The Bridge


By: Connor Lenahan

You see a street. I see the most beautiful sight that my eyes have ever witnessed. This photo, taken just a short while ago on the Boston University Bridge that connects both East and West campus for Boston University as well as Boston to Cambridge, shows the handicap ramps on the bridge freshly resurfaced. When I say “freshly” I mean exceedingly fresh – like, less than three hours old.

The BU Bridge has long been my enemy. In the warmer three seasons it is simply an annoyance. It is beyond beaten up. Potholes are an issue for people that don’t use wheelchairs, let alone myself. It becomes a potential tripping hazard and, in my case, a potential cause of a wheelchair crash.

That’s just when it’s sunny outside. In the winter this thing is pure evil. It may actually have a personal vendetta against me. This pathway is the only one that allows me to cross from my dorm to classes every day. During this insane winter I was repeatedly snowed out of class because this bridge had been choked off by snow like an artery choked by cholesterol. A steady diet of sun and salt, oddly against my cardiac analogy, was the only solution. In the process the bridge, especially the ramps I need to take daily, were damaged by shovels, plow, and general weathering. I’ve recently been able to traverse the bridge again, but it remained a, now lessened, safety risk. Nothing to keep me home, but certainly something to be conscious of.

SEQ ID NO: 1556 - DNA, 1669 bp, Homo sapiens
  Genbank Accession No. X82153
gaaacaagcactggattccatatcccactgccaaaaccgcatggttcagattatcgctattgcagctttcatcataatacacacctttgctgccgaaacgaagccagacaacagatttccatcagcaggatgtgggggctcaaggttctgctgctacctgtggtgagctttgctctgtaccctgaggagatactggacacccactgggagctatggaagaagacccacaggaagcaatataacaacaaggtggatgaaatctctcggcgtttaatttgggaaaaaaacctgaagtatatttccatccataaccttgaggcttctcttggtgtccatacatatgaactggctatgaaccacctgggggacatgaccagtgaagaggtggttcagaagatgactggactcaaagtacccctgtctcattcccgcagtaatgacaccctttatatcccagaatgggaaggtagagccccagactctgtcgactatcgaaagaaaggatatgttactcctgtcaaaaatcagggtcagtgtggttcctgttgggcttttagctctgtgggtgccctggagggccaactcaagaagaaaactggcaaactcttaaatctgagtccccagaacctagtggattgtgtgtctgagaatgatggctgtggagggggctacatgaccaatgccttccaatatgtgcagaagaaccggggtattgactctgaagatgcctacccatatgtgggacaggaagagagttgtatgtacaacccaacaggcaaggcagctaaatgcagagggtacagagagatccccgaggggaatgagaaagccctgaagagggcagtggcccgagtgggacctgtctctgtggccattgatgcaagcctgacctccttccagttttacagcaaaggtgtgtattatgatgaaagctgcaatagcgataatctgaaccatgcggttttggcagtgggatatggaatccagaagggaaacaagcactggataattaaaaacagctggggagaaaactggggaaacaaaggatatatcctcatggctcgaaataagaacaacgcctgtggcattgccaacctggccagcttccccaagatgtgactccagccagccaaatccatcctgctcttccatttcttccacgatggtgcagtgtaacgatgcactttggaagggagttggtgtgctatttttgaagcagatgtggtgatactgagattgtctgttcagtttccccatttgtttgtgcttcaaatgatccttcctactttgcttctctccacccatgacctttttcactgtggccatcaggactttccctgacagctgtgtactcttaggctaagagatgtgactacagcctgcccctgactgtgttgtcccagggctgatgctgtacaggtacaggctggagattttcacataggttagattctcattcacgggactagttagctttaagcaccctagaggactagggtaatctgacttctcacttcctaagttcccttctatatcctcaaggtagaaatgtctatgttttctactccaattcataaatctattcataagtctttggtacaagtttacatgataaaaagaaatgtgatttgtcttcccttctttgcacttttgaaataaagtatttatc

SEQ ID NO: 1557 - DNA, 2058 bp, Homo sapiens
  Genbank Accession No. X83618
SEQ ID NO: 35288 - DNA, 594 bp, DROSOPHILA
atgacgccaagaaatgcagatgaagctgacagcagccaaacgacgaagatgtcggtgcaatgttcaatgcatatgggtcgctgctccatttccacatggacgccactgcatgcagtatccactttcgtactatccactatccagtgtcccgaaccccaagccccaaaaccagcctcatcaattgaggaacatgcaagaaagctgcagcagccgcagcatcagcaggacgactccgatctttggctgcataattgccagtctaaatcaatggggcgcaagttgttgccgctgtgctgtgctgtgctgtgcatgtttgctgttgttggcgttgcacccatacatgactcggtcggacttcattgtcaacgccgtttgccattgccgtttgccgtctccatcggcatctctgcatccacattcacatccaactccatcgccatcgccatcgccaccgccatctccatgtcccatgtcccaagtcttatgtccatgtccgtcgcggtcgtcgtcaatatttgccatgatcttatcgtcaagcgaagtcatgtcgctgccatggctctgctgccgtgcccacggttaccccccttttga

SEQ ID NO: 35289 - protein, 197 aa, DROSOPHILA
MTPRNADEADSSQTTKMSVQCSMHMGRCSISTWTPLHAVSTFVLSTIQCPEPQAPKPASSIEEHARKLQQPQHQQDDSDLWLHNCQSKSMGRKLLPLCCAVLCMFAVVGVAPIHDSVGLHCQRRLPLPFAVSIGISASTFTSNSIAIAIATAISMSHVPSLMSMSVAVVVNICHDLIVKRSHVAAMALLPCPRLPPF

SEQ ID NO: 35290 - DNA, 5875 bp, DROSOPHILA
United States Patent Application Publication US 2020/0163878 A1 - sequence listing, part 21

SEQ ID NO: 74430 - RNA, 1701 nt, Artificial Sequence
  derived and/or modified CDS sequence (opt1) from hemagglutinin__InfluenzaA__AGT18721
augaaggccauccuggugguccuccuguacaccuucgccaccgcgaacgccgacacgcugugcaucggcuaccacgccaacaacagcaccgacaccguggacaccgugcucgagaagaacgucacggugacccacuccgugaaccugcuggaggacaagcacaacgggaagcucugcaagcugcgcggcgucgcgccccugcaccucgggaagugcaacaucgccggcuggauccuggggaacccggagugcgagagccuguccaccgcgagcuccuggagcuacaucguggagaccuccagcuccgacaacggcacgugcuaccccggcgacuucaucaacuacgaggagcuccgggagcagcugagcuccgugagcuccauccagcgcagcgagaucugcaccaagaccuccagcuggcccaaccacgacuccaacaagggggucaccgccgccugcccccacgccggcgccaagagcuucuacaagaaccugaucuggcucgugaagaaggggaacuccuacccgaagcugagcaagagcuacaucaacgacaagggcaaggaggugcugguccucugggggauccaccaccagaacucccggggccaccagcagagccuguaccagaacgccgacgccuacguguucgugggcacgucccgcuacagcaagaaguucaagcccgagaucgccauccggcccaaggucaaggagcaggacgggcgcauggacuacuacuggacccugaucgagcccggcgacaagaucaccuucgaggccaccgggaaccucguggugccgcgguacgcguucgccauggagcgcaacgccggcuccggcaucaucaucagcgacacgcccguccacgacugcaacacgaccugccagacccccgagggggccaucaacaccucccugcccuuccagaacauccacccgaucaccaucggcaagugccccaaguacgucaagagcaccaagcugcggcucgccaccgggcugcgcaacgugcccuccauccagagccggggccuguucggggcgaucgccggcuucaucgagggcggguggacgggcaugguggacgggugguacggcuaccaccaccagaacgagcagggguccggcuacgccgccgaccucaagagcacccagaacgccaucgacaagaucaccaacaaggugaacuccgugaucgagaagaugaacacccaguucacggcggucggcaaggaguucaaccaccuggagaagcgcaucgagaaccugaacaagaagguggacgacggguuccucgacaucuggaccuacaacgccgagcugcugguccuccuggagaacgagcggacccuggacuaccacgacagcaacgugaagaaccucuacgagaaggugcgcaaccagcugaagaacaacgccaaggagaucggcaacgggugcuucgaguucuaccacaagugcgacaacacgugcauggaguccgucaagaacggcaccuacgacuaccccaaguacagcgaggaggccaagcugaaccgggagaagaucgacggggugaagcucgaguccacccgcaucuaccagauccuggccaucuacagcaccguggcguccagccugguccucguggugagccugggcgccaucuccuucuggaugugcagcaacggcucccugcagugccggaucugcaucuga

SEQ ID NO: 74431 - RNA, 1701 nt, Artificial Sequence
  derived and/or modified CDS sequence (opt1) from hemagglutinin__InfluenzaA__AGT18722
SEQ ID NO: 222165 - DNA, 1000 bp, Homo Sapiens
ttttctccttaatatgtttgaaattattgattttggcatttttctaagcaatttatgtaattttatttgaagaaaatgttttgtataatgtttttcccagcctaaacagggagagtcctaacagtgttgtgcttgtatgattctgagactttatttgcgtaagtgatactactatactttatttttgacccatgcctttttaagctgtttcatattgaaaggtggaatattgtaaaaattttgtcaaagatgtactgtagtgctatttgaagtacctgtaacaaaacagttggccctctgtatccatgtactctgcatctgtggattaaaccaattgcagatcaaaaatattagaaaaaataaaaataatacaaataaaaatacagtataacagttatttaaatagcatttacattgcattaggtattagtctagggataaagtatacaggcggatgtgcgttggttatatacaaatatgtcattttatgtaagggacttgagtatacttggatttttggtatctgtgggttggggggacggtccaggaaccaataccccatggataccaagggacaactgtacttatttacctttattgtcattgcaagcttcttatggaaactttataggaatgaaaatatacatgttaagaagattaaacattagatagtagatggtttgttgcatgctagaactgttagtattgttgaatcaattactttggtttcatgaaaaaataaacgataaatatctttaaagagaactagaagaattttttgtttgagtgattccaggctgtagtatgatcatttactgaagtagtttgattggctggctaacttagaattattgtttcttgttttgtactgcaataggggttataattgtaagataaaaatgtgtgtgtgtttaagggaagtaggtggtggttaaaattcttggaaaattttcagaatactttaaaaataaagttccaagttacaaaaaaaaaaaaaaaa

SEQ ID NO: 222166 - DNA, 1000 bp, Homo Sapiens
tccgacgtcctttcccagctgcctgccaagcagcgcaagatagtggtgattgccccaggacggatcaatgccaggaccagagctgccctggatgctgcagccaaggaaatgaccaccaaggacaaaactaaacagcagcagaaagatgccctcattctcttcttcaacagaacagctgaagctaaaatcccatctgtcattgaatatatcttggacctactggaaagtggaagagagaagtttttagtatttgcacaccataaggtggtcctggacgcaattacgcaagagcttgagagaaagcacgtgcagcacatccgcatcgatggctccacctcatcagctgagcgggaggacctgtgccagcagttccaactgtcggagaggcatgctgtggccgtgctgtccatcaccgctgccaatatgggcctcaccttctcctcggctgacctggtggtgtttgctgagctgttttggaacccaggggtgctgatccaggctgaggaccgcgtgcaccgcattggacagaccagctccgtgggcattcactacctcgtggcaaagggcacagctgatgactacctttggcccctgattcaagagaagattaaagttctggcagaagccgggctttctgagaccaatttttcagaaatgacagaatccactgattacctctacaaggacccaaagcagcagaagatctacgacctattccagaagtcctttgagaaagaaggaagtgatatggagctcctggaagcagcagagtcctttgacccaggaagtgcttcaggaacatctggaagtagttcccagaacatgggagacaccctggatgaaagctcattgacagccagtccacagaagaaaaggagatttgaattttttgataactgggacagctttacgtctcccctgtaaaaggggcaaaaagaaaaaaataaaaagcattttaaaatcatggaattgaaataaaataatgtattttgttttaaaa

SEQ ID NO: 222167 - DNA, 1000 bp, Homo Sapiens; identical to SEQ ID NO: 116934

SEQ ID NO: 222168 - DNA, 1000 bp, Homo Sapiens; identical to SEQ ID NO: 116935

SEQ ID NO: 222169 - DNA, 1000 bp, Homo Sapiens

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It wasn’t just me being cautious about it this winter either. Everyone I talked to either knew someone, heard of someone, or personally slipped on the bridge. This, in turn, led to the wonderful people of The Bunion, BU’s satirical newspaper/website, to publish the following just today.

However, much to my surprise and sheer bliss when I was returning home to my leftover food in my fridge just moments ago I found that someone, possibly Massachusetts public works, maybe Tom Brady, had not only fixed the damage that the winter had on my bridge, but fixed the safety risk for my chair entirely. This means that I can once again walk over the bridge without having to take special attention to the ramps. To say I’m happy is an understatement. I’m overjoyed. This is incredible.

This winter was and is the most crazy I have ever lived through without any close second. The bridge became the running issue for me, not the snow. Boston University does not control it, the city does. This meant that while BU was plowed clear enough that you’d think it was August the bridge remained an issue. With this fix I can get back to normalcy. It’s about time.

I don’t know who to properly thank, but if I can ever find them there’s a dinner on me waiting. If you look after me I will look after you. This is a blessing, no matter how ridiculous it might sound.